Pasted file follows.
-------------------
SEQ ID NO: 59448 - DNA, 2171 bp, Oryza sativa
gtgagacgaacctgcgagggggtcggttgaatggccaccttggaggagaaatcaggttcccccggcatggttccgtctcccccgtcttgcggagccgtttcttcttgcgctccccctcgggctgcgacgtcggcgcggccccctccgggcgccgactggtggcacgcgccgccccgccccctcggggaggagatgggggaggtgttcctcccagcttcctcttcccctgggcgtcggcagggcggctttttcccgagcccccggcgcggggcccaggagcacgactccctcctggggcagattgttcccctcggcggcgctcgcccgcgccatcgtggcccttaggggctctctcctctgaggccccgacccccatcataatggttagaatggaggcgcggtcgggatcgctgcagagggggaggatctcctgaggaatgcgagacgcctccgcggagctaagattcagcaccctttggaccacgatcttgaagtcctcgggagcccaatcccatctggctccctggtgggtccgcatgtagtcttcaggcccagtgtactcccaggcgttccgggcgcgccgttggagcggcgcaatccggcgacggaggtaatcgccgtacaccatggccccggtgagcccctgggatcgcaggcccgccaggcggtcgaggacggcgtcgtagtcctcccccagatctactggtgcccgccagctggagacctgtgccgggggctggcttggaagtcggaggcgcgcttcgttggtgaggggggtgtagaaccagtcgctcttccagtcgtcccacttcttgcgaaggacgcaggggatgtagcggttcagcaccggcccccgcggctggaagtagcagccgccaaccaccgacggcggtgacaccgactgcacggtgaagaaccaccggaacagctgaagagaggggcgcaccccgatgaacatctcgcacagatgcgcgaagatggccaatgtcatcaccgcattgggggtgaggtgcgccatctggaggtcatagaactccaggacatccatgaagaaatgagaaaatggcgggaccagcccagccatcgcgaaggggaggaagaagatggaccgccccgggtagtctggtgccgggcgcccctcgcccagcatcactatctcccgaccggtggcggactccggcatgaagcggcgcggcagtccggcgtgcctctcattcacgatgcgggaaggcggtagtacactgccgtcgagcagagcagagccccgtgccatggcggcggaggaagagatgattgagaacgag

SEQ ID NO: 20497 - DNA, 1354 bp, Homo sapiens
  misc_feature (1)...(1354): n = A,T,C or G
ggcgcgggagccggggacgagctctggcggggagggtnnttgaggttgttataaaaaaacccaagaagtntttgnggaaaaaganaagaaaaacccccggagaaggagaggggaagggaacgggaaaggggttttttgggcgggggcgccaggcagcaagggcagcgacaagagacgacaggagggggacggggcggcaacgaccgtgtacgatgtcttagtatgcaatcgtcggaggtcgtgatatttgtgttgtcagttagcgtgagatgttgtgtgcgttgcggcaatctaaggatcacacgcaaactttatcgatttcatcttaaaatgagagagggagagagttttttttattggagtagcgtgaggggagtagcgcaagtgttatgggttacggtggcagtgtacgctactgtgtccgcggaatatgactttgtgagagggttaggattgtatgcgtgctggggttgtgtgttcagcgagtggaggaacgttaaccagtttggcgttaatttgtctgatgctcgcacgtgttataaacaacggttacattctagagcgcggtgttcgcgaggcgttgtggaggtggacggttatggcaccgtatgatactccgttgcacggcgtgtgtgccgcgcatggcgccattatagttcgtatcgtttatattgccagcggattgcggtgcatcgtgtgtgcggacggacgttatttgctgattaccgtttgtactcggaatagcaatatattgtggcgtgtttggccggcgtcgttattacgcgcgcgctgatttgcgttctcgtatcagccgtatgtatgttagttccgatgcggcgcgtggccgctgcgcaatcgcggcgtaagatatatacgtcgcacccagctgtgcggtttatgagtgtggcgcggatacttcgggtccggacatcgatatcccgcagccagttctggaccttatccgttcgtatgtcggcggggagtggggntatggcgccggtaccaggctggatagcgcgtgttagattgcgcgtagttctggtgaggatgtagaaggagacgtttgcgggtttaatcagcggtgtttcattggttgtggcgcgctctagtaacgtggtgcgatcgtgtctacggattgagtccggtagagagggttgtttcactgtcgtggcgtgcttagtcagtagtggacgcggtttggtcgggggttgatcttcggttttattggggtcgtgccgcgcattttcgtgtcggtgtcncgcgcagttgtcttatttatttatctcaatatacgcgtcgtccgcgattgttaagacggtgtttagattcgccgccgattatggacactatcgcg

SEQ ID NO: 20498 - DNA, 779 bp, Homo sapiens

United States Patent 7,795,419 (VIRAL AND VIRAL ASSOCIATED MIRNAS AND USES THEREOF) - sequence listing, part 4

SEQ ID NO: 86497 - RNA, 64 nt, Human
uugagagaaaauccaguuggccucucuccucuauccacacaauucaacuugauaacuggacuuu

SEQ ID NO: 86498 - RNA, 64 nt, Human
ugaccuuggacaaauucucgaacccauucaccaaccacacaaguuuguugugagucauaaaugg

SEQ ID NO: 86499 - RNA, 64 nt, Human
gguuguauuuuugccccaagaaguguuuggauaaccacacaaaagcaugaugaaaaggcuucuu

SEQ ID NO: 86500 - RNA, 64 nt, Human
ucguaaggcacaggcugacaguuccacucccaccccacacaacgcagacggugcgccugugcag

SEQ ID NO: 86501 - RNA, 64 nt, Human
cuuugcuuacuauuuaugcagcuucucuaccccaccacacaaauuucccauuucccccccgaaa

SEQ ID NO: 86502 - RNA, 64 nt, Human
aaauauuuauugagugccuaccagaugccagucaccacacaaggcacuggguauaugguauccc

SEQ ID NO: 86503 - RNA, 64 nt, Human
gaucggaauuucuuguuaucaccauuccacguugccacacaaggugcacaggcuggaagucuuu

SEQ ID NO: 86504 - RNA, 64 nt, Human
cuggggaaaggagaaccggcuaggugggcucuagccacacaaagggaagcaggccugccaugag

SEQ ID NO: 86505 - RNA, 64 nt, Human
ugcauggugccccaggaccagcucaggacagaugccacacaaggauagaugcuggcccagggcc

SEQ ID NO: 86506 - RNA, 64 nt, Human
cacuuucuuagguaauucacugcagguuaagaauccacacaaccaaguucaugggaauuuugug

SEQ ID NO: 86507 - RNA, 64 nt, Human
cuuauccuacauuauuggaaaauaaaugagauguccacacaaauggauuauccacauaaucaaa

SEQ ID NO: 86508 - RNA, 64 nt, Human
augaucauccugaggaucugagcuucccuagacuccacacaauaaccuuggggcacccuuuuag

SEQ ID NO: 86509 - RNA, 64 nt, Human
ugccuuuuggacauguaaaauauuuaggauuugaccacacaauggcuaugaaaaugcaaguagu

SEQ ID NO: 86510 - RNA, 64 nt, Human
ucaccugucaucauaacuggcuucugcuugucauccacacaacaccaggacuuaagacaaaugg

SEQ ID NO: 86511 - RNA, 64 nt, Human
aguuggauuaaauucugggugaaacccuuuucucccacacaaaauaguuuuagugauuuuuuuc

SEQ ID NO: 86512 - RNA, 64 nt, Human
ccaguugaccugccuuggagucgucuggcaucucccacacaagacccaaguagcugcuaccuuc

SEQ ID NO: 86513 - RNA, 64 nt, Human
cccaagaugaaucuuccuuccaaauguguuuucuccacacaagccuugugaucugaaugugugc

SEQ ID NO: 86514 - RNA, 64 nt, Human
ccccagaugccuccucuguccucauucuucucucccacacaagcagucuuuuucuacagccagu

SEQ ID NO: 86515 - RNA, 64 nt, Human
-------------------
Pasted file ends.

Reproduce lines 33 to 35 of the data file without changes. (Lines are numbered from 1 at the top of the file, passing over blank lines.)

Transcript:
ugccuuuuggacauguaaaauauuuaggauuugaccacacaauggcuaugaaaaugcaaguagu

SEQ ID NO: 86510 - RNA, 64 nt, Human
ucaccugucaucauaacuggcuucugcuugucauccacacaacaccaggacuuaagacaaaugg